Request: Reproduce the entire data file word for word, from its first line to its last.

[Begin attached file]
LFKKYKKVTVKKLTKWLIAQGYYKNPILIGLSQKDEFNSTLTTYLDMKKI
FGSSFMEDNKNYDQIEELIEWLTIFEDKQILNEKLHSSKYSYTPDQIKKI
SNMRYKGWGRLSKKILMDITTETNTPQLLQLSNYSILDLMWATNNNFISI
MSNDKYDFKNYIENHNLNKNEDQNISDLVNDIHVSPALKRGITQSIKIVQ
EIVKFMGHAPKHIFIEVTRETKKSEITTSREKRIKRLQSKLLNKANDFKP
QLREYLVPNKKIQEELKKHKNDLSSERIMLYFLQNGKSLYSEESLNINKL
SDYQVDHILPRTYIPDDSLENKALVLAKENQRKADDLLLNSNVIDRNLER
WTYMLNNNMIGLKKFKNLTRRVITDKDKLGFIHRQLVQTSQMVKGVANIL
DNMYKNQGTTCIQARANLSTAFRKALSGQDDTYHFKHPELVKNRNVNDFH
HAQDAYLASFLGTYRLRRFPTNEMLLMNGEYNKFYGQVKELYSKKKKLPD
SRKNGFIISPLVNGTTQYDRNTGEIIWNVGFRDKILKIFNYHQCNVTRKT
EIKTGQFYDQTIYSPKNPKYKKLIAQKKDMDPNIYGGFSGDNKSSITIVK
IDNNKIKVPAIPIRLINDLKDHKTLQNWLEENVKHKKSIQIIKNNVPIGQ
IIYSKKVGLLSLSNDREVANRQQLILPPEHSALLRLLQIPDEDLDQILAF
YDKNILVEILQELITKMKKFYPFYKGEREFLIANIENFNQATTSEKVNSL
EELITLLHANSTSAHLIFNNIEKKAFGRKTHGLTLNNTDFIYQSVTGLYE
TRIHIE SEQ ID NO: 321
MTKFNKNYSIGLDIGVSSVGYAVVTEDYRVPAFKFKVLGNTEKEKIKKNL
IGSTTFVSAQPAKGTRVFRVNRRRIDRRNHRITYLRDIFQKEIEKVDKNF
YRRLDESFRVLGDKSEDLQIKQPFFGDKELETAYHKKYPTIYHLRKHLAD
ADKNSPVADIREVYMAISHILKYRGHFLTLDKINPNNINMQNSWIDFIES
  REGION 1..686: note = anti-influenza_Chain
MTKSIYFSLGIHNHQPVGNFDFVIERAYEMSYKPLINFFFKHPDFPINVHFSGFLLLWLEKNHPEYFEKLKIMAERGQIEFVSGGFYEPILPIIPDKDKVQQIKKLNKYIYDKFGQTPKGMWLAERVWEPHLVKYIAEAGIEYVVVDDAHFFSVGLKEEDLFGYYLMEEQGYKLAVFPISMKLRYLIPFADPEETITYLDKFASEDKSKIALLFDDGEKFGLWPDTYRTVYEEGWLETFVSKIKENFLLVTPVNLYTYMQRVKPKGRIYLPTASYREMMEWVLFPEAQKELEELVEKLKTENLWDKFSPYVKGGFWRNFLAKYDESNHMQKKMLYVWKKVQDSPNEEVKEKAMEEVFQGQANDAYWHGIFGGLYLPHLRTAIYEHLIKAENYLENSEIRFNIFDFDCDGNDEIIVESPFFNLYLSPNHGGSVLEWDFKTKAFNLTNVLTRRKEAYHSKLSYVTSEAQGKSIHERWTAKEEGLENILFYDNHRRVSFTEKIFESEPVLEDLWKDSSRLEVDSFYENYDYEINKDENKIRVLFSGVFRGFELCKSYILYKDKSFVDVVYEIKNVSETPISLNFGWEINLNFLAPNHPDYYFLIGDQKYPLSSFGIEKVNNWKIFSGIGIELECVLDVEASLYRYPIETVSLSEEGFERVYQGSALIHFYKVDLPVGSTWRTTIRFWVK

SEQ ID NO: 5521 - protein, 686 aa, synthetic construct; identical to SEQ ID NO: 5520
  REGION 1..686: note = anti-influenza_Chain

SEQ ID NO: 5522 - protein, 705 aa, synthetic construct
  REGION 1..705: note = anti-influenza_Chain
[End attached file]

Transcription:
LFKKYKKVTVKKLTKWLIAQGYYKNPILIGLSQKDEFNSTLTTYLDMKKI
FGSSFMEDNKNYDQIEELIEWLTIFEDKQILNEKLHSSKYSYTPDQIKKI
SNMRYKGWGRLSKKILMDITTETNTPQLLQLSNYSILDLMWATNNNFISI
MSNDKYDFKNYIENHNLNKNEDQNISDLVNDIHVSPALKRGITQSIKIVQ
EIVKFMGHAPKHIFIEVTRETKKSEITTSREKRIKRLQSKLLNKANDFKP
QLREYLVPNKKIQEELKKHKNDLSSERIMLYFLQNGKSLYSEESLNINKL
SDYQVDHILPRTYIPDDSLENKALVLAKENQRKADDLLLNSNVIDRNLER
WTYMLNNNMIGLKKFKNLTRRVITDKDKLGFIHRQLVQTSQMVKGVANIL
DNMYKNQGTTCIQARANLSTAFRKALSGQDDTYHFKHPELVKNRNVNDFH
HAQDAYLASFLGTYRLRRFPTNEMLLMNGEYNKFYGQVKELYSKKKKLPD
SRKNGFIISPLVNGTTQYDRNTGEIIWNVGFRDKILKIFNYHQCNVTRKT
EIKTGQFYDQTIYSPKNPKYKKLIAQKKDMDPNIYGGFSGDNKSSITIVK
IDNNKIKVPAIPIRLINDLKDHKTLQNWLEENVKHKKSIQIIKNNVPIGQ
IIYSKKVGLLSLSNDREVANRQQLILPPEHSALLRLLQIPDEDLDQILAF
YDKNILVEILQELITKMKKFYPFYKGEREFLIANIENFNQATTSEKVNSL
EELITLLHANSTSAHLIFNNIEKKAFGRKTHGLTLNNTDFIYQSVTGLYE
TRIHIE SEQ ID NO: 321
MTKFNKNYSIGLDIGVSSVGYAVVTEDYRVPAFKFKVLGNTEKEKIKKNL
IGSTTFVSAQPAKGTRVFRVNRRRIDRRNHRITYLRDIFQKEIEKVDKNF
YRRLDESFRVLGDKSEDLQIKQPFFGDKELETAYHKKYPTIYHLRKHLAD
ADKNSPVADIREVYMAISHILKYRGHFLTLDKINPNNINMQNSWIDFIES
  REGION 1..686: note = anti-influenza_Chain
MTKSIYFSLGIHNHQPVGNFDFVIERAYEMSYKPLINFFFKHPDFPINVHFSGFLLLWLEKNHPEYFEKLKIMAERGQIEFVSGGFYEPILPIIPDKDKVQQIKKLNKYIYDKFGQTPKGMWLAERVWEPHLVKYIAEAGIEYVVVDDAHFFSVGLKEEDLFGYYLMEEQGYKLAVFPISMKLRYLIPFADPEETITYLDKFASEDKSKIALLFDDGEKFGLWPDTYRTVYEEGWLETFVSKIKENFLLVTPVNLYTYMQRVKPKGRIYLPTASYREMMEWVLFPEAQKELEELVEKLKTENLWDKFSPYVKGGFWRNFLAKYDESNHMQKKMLYVWKKVQDSPNEEVKEKAMEEVFQGQANDAYWHGIFGGLYLPHLRTAIYEHLIKAENYLENSEIRFNIFDFDCDGNDEIIVESPFFNLYLSPNHGGSVLEWDFKTKAFNLTNVLTRRKEAYHSKLSYVTSEAQGKSIHERWTAKEEGLENILFYDNHRRVSFTEKIFESEPVLEDLWKDSSRLEVDSFYENYDYEINKDENKIRVLFSGVFRGFELCKSYILYKDKSFVDVVYEIKNVSETPISLNFGWEINLNFLAPNHPDYYFLIGDQKYPLSSFGIEKVNNWKIFSGIGIELECVLDVEASLYRYPIETVSLSEEGFERVYQGSALIHFYKVDLPVGSTWRTTIRFWVK

SEQ ID NO: 5521 - protein, 686 aa, synthetic construct; identical to SEQ ID NO: 5520
  REGION 1..686: note = anti-influenza_Chain

SEQ ID NO: 5522 - protein, 705 aa, synthetic construct
  REGION 1..705: note = anti-influenza_Chain